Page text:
Planning Permission


Planning permission can seem like a daunting task but Braidwood Building Services has on worked on extensions all over London and if required are able to recommend architects who may be able to help. Outlined below is some insights into the planning process, which may be useful as a starting point.

Types of Planning Permission

Planning permission for extending your home needs to be granted by your local authority. The type of permission you will require  will depend on the type of works you wish to carry out and your property.  Below is some information on the two different types of planning permission –

1) are Permitted Development and 2) Prior approval and their criteria and requirements.

Permitted Development

All houses in the UK that aren’t listed or otherwise restricted and are not situated in a conservation area have Permitted Development rights. This enables the owner to extend the property in certain ways without applying for Planning permission. The developments listed below would come under Permitted Development:

Detached Houses

  • Ground floor extensions which are a maximum of 3 metres in depth and 4 metres in height.

  • Loft conversions adding up to 50 cubic metres in volume

Semi-Detached Houses

  • Ground floor extensions which are a maximum of  3 metres in depth and 4 metres in height

  • Loft conversions adding up to 50 cubic metres in volume

Terraced Houses

  • Ground floor extensions which are a maximum of 3 metres in depth and 4 metres in height

  • Loft conversions adding up to 40 cubic metres in volume

Prior Approval

The Government introduced a temporary scheme know  in 2013 known as Prior Approval, which has given home owners the opportunity to double the depth that their properties can be extended under Permitted Development. Achieving approval under the scheme requires that  your neighbours do not object to the proposal when they are notified. If a neighbour does voice an issue with the proposal, then the  council will determine the application using a similar criteria to Planning Permission.

Planning Permission

Any type of extension that does not comply with the Permitted Development regulations must receive full Planning Permission. An application must be made to the local authority, and they will decide whether it meets approval.  Planning policy differs from each boroughs and every application is judged on an individual basis. If required we can advise you on what we think is possible, based on our experience within the local area but as each case is different we will only know the final outcome once we have feedback from your local authority.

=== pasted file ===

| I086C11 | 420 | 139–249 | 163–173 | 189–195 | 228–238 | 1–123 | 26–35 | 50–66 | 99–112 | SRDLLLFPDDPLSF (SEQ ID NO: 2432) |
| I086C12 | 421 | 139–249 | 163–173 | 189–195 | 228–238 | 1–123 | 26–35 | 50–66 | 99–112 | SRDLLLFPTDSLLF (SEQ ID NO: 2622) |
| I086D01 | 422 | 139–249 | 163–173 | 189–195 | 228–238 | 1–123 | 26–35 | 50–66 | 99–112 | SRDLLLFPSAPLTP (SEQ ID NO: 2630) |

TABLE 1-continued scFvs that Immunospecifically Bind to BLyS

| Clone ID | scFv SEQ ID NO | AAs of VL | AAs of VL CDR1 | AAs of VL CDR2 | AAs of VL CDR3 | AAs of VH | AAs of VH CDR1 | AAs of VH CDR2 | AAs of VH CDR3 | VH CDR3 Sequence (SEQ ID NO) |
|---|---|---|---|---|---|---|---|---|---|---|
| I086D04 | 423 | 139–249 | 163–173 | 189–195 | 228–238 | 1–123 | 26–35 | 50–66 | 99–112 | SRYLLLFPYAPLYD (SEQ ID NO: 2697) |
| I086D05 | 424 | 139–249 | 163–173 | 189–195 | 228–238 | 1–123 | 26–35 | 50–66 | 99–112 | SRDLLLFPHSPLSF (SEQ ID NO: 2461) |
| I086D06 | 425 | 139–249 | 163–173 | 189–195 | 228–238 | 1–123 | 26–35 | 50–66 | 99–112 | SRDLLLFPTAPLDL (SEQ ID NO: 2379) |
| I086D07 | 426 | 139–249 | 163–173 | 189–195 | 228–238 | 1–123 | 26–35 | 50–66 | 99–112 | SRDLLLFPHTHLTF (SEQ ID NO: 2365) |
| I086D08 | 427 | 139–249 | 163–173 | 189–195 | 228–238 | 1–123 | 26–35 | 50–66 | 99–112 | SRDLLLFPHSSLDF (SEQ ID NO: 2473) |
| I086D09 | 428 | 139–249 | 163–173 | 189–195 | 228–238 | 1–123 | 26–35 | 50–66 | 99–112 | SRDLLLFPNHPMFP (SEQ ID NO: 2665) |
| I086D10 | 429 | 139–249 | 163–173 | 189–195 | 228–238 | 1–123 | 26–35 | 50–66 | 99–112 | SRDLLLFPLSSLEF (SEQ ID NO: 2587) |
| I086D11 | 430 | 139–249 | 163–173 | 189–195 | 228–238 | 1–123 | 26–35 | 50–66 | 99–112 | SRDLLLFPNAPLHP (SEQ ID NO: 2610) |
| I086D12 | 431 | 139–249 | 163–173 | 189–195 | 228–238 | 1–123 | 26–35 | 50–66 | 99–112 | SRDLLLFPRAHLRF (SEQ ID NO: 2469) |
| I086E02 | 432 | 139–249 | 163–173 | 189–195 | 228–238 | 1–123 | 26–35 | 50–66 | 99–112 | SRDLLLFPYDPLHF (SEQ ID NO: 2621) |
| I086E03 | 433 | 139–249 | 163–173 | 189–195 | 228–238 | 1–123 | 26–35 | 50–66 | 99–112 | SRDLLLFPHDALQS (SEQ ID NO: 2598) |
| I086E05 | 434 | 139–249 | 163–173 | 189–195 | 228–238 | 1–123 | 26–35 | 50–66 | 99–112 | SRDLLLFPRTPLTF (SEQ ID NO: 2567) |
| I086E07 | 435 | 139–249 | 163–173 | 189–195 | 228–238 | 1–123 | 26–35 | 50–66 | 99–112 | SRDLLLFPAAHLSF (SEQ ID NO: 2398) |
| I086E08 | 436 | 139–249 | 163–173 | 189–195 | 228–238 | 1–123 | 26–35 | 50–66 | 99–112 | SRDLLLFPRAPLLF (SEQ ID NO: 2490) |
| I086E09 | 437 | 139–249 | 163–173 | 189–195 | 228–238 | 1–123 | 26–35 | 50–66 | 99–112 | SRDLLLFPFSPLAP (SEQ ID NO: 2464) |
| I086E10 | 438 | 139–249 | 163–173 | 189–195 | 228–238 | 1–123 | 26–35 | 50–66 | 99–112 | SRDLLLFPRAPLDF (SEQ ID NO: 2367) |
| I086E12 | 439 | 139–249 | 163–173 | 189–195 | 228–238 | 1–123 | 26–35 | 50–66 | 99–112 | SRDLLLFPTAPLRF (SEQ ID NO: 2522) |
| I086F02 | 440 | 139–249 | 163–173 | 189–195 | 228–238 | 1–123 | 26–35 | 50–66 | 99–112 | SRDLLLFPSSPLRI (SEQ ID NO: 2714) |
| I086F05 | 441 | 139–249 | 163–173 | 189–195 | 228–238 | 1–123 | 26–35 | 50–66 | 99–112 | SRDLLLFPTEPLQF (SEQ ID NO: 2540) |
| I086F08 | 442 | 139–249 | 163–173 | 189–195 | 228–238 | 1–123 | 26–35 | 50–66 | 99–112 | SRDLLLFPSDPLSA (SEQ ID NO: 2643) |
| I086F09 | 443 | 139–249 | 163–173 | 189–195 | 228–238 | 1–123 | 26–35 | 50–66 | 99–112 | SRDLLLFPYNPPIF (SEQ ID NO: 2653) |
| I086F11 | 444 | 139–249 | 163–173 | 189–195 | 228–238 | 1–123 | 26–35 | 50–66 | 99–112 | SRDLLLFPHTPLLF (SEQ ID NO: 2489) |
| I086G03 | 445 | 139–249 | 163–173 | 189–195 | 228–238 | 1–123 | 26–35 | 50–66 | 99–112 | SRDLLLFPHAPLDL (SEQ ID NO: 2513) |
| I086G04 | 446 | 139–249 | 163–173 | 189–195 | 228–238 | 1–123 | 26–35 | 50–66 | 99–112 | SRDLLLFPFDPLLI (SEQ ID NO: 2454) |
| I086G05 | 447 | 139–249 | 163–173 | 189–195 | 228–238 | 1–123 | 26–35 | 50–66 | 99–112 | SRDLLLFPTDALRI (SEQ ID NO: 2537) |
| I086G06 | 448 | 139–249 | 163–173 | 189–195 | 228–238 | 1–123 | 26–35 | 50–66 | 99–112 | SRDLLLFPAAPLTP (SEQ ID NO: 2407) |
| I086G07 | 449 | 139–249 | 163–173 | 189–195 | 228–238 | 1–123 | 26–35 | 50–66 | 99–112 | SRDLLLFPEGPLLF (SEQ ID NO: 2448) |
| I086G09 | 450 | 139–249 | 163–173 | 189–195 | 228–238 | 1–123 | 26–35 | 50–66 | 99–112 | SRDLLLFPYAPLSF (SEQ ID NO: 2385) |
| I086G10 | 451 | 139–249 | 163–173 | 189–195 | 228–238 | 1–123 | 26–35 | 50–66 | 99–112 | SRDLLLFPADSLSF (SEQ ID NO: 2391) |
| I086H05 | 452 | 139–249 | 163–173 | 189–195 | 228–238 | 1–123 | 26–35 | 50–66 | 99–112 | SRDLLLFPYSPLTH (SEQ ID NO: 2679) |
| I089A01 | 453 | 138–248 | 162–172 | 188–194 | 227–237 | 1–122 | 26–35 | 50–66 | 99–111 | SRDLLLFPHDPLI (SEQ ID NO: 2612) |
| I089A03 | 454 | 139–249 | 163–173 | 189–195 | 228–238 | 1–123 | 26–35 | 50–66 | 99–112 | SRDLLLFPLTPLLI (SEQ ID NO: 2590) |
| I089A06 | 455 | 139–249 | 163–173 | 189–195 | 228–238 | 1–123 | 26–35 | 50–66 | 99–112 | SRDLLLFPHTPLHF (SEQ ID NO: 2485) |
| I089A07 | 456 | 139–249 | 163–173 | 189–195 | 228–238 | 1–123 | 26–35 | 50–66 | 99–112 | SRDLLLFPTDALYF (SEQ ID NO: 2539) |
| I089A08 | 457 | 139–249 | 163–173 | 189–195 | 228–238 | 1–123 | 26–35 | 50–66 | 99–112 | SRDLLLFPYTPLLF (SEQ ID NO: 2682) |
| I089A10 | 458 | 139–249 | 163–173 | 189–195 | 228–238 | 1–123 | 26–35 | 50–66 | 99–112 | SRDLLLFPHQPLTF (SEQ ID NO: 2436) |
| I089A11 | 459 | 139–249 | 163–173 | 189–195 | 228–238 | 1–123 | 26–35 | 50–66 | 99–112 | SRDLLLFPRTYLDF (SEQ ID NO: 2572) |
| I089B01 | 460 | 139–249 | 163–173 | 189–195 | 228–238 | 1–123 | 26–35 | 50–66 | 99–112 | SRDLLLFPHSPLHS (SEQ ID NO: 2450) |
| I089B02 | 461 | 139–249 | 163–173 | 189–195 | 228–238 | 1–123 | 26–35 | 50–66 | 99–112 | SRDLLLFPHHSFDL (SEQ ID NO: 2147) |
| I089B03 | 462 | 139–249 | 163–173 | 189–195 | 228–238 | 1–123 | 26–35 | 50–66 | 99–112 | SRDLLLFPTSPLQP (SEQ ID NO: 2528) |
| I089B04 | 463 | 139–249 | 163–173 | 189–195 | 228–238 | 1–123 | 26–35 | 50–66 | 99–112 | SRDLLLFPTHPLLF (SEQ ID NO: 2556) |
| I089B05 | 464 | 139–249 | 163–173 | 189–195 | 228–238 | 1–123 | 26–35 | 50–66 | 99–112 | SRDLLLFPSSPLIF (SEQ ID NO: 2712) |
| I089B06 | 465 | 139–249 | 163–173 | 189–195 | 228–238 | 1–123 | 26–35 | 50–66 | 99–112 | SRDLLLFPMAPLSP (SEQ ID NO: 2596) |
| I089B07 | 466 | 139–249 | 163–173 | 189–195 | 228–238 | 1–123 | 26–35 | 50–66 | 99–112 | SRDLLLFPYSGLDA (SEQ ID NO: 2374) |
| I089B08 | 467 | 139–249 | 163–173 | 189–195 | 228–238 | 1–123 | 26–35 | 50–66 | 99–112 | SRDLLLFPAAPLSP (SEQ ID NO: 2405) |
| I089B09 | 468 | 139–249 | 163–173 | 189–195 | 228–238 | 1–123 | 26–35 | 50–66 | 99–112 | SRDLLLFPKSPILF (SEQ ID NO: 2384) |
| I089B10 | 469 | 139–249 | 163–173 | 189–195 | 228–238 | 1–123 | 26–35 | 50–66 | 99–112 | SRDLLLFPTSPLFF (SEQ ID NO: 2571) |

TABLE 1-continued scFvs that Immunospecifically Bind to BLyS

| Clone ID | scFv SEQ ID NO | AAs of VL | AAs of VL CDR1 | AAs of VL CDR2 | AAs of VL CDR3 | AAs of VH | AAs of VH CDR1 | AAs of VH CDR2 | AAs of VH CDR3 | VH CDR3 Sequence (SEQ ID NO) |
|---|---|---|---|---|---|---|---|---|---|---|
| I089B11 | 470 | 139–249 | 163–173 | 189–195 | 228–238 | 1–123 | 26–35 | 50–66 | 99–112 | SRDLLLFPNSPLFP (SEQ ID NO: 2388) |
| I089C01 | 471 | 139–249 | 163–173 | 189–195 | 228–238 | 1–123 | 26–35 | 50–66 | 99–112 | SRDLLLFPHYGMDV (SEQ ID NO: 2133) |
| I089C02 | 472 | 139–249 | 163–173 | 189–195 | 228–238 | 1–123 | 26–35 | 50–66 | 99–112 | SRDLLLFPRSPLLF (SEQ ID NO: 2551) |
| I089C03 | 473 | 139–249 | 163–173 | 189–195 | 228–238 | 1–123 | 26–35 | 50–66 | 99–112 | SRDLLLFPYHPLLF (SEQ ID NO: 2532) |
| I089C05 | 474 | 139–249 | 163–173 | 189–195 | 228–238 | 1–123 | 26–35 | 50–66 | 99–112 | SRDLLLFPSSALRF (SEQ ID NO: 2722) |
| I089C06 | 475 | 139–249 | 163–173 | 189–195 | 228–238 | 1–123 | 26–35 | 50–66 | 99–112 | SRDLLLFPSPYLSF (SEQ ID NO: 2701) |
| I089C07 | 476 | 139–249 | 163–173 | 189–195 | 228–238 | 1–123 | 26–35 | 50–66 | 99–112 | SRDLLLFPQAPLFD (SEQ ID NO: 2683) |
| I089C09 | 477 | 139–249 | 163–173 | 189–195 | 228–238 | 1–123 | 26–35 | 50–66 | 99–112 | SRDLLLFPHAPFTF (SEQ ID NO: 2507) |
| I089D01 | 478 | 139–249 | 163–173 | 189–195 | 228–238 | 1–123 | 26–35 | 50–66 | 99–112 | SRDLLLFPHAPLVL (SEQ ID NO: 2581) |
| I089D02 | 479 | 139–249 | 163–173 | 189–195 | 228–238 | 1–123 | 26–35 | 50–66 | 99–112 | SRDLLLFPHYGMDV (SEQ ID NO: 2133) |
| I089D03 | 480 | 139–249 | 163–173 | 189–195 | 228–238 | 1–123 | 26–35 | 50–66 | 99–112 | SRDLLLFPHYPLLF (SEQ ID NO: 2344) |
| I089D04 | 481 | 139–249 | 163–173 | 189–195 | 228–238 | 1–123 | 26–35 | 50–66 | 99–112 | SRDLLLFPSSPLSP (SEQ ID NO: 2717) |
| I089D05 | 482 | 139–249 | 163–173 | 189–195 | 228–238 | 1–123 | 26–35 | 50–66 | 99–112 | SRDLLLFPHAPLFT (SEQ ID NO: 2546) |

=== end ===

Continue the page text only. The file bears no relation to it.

Party Wall Matters

If you are digging foundations or cutting into a party wall within 3 metres of your neighbour’s property, you must provide them with a party wall notice. This will give your neighbour the chance to instruct a Party Wall Surveyor and have a formal Party Wall Award drawn up. A Party Wall Award will document the condition of your neighbour’s property before the project progresses, and will serve as reference point if any damage is caused by the work. If your neighbour consents to the notice there is no need for a formal award, but if an award is needed you will be responsible for both your own and your neighbour’s surveyor.  Before any works begin you must have signed a Consent Notice of a formal Party Wall Award. 

Freeholder Permission

If you own a share of freehold or you are a leasehold owner, you will need to obtain a License to Alter before you can carry out any works to your property. The process for this will depend on the provisions in your lease agreement, and it is therefore advisable that you consult a solicitor on the matter. Usually, freeholder consent cannot be unreasonably withheld, but this will depend on the terms of the lease and the freeholder. It is worth investigating this before instructing an architect to put together your plans. 

Thames Water

You will require a Thames Water Build Over Agreement if you are carrying out excavation work within 3 metres of a public sewer. You will need to submit your plans to Thames Water so they can advise on whether the  proposed works is going to have an adverse effect on the drain. A drainage survey will be carried out on your property to see if current drainage has any implications on the build. This must be done before works start when there is access to the drains. If the drainage on your land only services your property, then you will not need a Build Over agreement as the drains will be considered to be private.